Indeed, the timing of the foreclosure-resolution process is one of its most controversial aspects. In a nod to the lenders' timing concerns, the study committee reversed its earlier position and permitted creditors to initiate, but not complete, foreclosure after the required notice has been sent. But whether a servicer simultaneously may manage to the as-of-yet unwritten rules of a foreclosure-resolution agency and the CFPB servicing regulations is, at best, a guess.
The CFPB regulations impose detailed timing requirements for informing and evaluating borrowers of and for loss-mitigation options. If lenders wait until after the exhaustion of the loss-mitigation processes mandated by the CFPB regulations, foreclosure could be delayed considerably after the lender already conclusively determined the ineligibility of the borrower for available loss-mitigation options.
If lenders offer foreclosure resolution at the same time as the servicer's loss-mitigation process unfolds, there could be substantial borrower confusion. The CFPB regulations prohibit servicers from pursuing foreclosure while considering a borrower for loss mitigation on a "dual-track" basis. These foreclosure-resolution requirements seem to create their own type of prohibited dual track by permitting a servicer to initiate but not complete foreclosure, while simultaneously offering and participating in the required foreclosure process.
Who may foreclose?
The Uniform Home Foreclosure Procedures Act outlines a process for pursuing both judicial and nonjudicial foreclosures. It does not define a default under the loan documents on which a foreclosure must be based, but it does address basic pleading requirements.
Early versions of the act adopted the long-held UCC principle that the mortgage follows the note and that the holder of the note may enforce the note without regard to the lack of intervening assignments of mortgages, recorded or not; the study committee ultimately dropped this provision at the urging of consumer groups, and the act refers this issue to other state law. Lost note affidavits are addressed in detail, following the existing rules that they are required in judicial foreclosures but not in nonjudicial foreclosures. Where required, an affidavit must describe the efforts made to locate the note-- a "bare assertion" that the note is lost or cannot be found is insufficient.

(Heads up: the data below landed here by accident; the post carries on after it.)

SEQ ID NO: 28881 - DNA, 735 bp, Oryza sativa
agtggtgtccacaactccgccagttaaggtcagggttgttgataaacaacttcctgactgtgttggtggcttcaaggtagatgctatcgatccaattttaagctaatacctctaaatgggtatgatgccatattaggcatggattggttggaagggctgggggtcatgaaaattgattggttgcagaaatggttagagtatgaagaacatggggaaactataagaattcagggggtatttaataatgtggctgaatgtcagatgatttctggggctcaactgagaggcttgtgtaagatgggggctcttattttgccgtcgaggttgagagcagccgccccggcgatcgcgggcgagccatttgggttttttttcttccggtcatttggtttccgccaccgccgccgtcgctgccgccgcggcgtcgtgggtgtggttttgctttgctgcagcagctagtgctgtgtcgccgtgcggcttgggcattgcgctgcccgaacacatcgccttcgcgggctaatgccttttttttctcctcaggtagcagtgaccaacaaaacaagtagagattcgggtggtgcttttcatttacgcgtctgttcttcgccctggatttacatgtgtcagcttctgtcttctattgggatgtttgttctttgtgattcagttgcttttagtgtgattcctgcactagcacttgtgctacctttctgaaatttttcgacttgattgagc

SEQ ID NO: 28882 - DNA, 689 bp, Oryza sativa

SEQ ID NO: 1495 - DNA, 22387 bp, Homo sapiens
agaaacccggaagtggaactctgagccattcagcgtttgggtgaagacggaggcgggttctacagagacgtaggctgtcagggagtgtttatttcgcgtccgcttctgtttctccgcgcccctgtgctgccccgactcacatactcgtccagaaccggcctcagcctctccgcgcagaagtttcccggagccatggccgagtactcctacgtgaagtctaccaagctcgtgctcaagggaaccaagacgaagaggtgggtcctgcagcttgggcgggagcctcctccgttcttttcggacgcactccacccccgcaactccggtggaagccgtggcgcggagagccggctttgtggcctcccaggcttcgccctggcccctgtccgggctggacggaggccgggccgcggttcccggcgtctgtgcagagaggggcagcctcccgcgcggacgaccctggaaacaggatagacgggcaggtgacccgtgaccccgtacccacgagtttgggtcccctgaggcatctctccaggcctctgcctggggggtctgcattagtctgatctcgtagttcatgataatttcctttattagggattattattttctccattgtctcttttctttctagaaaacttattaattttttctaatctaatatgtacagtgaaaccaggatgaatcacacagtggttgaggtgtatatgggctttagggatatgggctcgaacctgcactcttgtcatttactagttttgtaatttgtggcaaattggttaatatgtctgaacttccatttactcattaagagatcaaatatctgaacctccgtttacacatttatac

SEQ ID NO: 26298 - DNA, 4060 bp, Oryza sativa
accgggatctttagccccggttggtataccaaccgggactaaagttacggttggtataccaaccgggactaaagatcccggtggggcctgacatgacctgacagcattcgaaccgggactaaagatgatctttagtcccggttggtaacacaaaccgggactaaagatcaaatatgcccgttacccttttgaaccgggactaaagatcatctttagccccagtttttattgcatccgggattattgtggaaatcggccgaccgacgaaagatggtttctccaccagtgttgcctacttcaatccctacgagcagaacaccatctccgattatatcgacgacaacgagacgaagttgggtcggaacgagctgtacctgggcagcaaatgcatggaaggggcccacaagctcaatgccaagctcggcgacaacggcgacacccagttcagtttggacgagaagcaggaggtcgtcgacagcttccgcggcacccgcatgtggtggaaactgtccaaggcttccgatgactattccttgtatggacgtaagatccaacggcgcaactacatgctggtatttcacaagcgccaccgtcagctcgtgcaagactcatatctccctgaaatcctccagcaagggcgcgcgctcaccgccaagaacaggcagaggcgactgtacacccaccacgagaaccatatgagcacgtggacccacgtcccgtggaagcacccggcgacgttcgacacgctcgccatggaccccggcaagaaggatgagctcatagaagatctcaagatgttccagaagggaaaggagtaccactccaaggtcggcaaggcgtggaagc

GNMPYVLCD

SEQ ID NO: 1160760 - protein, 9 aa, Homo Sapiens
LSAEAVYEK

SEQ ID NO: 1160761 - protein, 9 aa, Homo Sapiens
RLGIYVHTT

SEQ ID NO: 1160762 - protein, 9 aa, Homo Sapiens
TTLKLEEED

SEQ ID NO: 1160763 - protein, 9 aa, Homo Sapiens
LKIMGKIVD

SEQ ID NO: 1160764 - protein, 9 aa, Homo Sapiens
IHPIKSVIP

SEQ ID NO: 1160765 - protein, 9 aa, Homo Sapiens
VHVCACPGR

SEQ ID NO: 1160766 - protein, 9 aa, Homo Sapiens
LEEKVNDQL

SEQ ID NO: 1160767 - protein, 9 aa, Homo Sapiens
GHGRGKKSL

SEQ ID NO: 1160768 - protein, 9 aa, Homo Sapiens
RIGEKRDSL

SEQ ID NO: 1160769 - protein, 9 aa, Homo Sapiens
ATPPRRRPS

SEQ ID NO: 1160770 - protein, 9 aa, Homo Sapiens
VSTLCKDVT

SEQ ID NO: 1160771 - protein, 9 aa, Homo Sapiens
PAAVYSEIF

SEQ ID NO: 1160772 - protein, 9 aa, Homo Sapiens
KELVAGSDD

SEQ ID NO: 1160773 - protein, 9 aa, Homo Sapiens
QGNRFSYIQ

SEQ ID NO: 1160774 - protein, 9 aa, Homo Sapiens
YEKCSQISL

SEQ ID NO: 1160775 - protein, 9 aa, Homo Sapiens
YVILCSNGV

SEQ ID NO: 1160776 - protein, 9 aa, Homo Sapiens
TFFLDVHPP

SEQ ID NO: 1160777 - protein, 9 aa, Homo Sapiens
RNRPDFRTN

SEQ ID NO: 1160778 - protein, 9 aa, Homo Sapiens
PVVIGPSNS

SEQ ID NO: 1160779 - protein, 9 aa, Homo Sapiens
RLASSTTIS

When is a deed in lieu of foreclosure enforceable?
The act enables a homeowner and a creditor to negotiate a transfer of the mortgaged property in full satisfaction of the homeowner's debt to the creditor if others entitled to notice do not object within 20 days. The result is the discharge of junior liens on the property, except for subordinate interests protected from termination under other laws such as some leasehold interests, without the need for a foreclosure sale--a benefit to lenders under existing law. No minimum benefit or consideration must be provided to the homeowner by the creditor other than the full satisfaction of the debt. A junior lienholder who objects through the court may tender to the creditor the amount due under the negotiated transfer and assume the benefit of the proposed transfer.
How does the act treat abandoned properties?
The act authorizes expedited foreclosures of abandoned properties in both judicial and nonjudicial foreclosures based on the premise that abandoned properties offer no benefits to homeowners or tenants who no longer reside there and have significant negative impacts on neighborhoods and the surrounding communities. Only a court in a judicial foreclosure or the applicable governmental entity in a nonjudicial foreclosure may make a determination of abandonment, which must be based on credible evidence. A government agency independently may determine that a property is abandoned, which serves as a presumption of abandonment in a judicial proceeding.
A court in a judicial foreclosure may order a public sale of an abandoned property not more than 45 days after the foreclosure judgment. Alternatively, if the court determines there is no equity in the property available for subordinate lienholders, the court may grant a creditor's motion for transfer of the abandoned property directly to the foreclosing creditor without a public sale, resulting in the extinguishment of all subordinate interests. A creditor may expedite the public sale of the property not later than 60 days after the applicable government agency makes a determination of abandonment, absent a judicial challenge. A borrower has no right of redemption.
The quid pro quo for the expedited foreclosure of an abandoned property is the creditor's obligation to maintain the property to prevent conditions creating a public or private nuisance. Commencing when a determination of abandonment is made, the creditor's obligation continues until the property is conveyed to a purchaser or the creditor's mortgage is released. The creditor may enter the property for the limited purpose of maintenance, inspection and repair, without risk of liability for trespass or damage other than for negligence or willful misconduct. It would have no responsibility for property maintenance until it pursues the expedited foreclosure process for abandoned properties.